The Hon. John Douglas, Government Resident at Thursday Island and a staunch supporter of the project, laid the foundation stone on 24 May 1893. Six months later, on 12 November 1893, the completed sanctuary/chancel (built to slightly smaller dimensions than the original design) was consecrated by the Right Rev. Dr Christopher Barlow, the second Bishop of North Queensland, as All Souls Quetta Memorial Church. At this time Douglas made an appeal for the Bishop to permit clergymen of other Protestant denominations to conduct services in the church, but the Bishop made no formal statement on this.
By mid-1895 the chancel and four-fifths of the nave had been completed. The concrete side arches to the nave had been constructed, but were clad externally with temporary timber boarding, until the aisles could be built. A skillion-roofed timber vestry had been erected on the western side of the church, off the chancel. There was no debt on the building, but the Church Building Committee was anxious to complete Buckeridge's design, and a second appeal for funds was launched in 1895. At this time the church was promoted as a focus for missionary work in the Diocese of North Queensland, and already attracted numbers of Japanese and South Sea Islanders - groups prominent in the Torres Strait pearl-shell industry. At the same time the Bishop of North Queensland, Dr Barlow, was working toward the establishment of a new far northern diocese, the centre of which was likely to be at Thursday Island - in which case the Quetta Memorial Church would become a Cathedral.
It appears that by 1901 the aisles had been constructed, but in timber, which was a temporary measure. These had lancet windows along the sides, as in Buckeridge's original design. The building seated about 250 persons, in wooden chairs rather than pews, was already a place of pilgrimage, and something of a tourist attraction. A number of relics from the wreck of the Quetta were displayed, and there were various memorials to persons who had died in, or had been saved from, the Quetta, as well as relics or memorials to other Torres Strait shipwrecks. The association of the place with the Torres Strait, and with the sea, was very strong.
In the second half of the 1890s Bishop Barlow travelled to England, where he raised £10,000 as a minimum endowment for a new diocese, which produced a small annual income of £300. On 3 August 1900, the Anglican Diocese of Carpentaria was created, encompassing the Torres Strait, Cape York Peninsula, the Southern Gulf of Carpentaria and the whole of the Northern Territory. In Queensland the boundary of the new diocese extended to south of Port Douglas, with Cairns remaining in the Diocese of North Queensland. There was no large population centre in the whole of the new diocese. Access was principally by sea, and so Thursday Island, centrally located on a major shipping route, was chosen as the seat of the Bishop. The Ven. Gilbert White, Archdeacon of North Queensland, was consecrated as the first Bishop of the Missionary Diocese of Carpentaria, at St Andrew's Cathedral, Sydney, on St Bartholomew's Day, 24 August 1900, and was installed at Thursday Island on 18 November 1900. At this time the All Souls' Quetta Memorial Church became the All Souls' Cathedral Church and Quetta Memorial.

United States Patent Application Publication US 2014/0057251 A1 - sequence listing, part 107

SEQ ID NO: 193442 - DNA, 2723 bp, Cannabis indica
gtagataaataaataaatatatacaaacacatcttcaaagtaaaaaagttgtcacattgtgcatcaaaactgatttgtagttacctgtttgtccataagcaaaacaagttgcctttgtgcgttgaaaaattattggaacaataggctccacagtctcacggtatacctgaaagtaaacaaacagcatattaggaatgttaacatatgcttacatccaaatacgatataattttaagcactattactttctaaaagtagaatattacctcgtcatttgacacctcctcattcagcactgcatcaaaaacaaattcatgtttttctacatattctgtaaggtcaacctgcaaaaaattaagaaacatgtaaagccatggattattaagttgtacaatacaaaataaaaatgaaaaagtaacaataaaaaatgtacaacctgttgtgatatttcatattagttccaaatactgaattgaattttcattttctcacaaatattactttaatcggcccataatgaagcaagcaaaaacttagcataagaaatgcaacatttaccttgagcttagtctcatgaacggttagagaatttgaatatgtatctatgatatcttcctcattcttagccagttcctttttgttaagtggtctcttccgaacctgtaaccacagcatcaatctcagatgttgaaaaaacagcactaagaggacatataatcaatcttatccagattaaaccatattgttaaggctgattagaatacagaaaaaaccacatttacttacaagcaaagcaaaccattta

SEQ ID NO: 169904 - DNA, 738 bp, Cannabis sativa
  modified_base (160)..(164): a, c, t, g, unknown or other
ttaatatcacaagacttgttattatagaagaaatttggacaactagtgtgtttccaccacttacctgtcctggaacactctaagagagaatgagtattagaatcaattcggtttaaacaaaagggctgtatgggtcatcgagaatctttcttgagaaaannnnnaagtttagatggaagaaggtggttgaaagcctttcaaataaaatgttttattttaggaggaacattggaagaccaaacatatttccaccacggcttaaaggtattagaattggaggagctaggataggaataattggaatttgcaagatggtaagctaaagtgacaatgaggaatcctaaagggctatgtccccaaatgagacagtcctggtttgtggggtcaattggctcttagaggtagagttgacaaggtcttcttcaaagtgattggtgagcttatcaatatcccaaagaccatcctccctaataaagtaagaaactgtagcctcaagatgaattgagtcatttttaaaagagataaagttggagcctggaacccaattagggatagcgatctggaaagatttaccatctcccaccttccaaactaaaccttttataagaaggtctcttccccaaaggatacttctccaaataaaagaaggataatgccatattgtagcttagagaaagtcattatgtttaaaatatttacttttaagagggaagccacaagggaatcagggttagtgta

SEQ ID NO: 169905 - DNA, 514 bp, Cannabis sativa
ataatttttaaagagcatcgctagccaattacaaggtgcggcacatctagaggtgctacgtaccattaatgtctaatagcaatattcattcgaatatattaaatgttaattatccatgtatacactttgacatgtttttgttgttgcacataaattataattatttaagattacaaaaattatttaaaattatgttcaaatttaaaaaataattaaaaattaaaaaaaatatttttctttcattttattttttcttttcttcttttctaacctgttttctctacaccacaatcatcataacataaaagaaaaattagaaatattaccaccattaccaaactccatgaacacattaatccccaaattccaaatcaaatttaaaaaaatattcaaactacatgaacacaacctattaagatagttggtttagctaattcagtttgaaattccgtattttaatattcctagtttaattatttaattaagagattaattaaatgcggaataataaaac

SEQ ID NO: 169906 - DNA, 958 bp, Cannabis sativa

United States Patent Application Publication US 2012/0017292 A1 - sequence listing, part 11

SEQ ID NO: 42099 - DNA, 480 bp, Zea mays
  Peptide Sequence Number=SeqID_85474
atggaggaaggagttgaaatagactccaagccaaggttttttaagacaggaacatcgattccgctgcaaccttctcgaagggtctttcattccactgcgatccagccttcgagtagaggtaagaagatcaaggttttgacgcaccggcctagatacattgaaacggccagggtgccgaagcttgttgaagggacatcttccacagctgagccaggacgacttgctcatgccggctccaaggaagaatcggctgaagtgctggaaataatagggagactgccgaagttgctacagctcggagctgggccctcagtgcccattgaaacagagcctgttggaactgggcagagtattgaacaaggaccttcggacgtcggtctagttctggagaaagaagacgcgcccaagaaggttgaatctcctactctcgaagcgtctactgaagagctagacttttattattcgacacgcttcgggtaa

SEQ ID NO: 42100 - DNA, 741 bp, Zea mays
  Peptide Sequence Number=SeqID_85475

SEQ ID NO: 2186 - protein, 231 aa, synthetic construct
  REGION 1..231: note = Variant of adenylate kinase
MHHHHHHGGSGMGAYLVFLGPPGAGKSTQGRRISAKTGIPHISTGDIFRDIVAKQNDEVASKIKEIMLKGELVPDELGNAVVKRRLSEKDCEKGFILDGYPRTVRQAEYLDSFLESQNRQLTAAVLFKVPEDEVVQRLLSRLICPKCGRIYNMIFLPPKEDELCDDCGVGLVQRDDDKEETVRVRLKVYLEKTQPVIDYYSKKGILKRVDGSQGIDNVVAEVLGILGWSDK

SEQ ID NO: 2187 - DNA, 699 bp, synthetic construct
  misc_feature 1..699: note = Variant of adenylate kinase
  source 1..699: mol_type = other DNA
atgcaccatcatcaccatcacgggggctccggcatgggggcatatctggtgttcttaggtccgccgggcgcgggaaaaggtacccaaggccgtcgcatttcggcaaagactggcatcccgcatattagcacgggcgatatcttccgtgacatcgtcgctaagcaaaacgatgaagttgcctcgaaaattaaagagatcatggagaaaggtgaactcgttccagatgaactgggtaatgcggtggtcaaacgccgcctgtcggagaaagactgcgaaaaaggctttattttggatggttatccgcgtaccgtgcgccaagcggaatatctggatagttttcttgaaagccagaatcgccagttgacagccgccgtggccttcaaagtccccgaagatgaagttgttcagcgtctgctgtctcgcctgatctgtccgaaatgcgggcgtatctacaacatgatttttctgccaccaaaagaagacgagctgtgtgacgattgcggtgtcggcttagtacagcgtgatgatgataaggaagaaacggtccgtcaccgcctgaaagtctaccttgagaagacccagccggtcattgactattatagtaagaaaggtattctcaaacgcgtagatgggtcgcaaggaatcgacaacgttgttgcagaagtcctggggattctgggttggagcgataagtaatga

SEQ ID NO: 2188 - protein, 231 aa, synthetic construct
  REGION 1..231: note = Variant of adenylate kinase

Thursday Island parishioners agreed that the Bishop should be appointed Dean of the Cathedral, with a Sub-Dean to be appointed to take charge of parochial matters. The cathedral was also to be used for parochial purposes. The existing rectory was to be taken over by the Diocese as the See House, or Bishop's House, and a new residence was to be provided for the clergyman of the Thursday Island parish.
The new Bishop had a formidable task ahead, and little funding. Fearing that it would be difficult to attract clergy to the Diocese, he proposed to establish a Diocesan theological training college on Thursday Island. This was made possible following an undertaking by Lord Beauchamp, Governor of New South Wales, to support three students at the Theological Training College for three years, from 1 January 1901. The Primate of Australia and others contributed towards a fourth studentship. The new theological college was known as Bishop's College, and was established in the See House on Thursday Island, which in late 1900-early 1901 was enlarged to 11 rooms, providing accommodation for 4 college students, as well as the Bishop and the Thursday Island rector. It is likely that the side and rear verandahs were first enclosed at this stage, and there was an ecclesiastical arched timber balustrade to the front verandah by this date. Bishop White travelled widely through his diocese, and the See House on Thursday Island was used primarily as the Bishop's College. In 1903, Lord Beauchamp renewed his support, but the college closed in 1907 following the establishment of a parochial theological college at Nundah.
In 1901 Bishop White also attempted to establish a School for Girls in the Japanese Schoolroom at Thursday Island. A number of Japanese were very active in the Church of England on Thursday Island in the late 1890s. By January 1901 some Anglican services were being conducted in Japanese (through an interpreter), and the Japanese community had erected a small building known as the Japanese Schoolroom on Church of England property. Little is known about this building, but it seems to have been used mainly for conducting evening English classes. The building also served on occasions as a venue for Church meetings. Whether or not the venue was the deterrent, the Girls' School was not supported, and closed within a few months.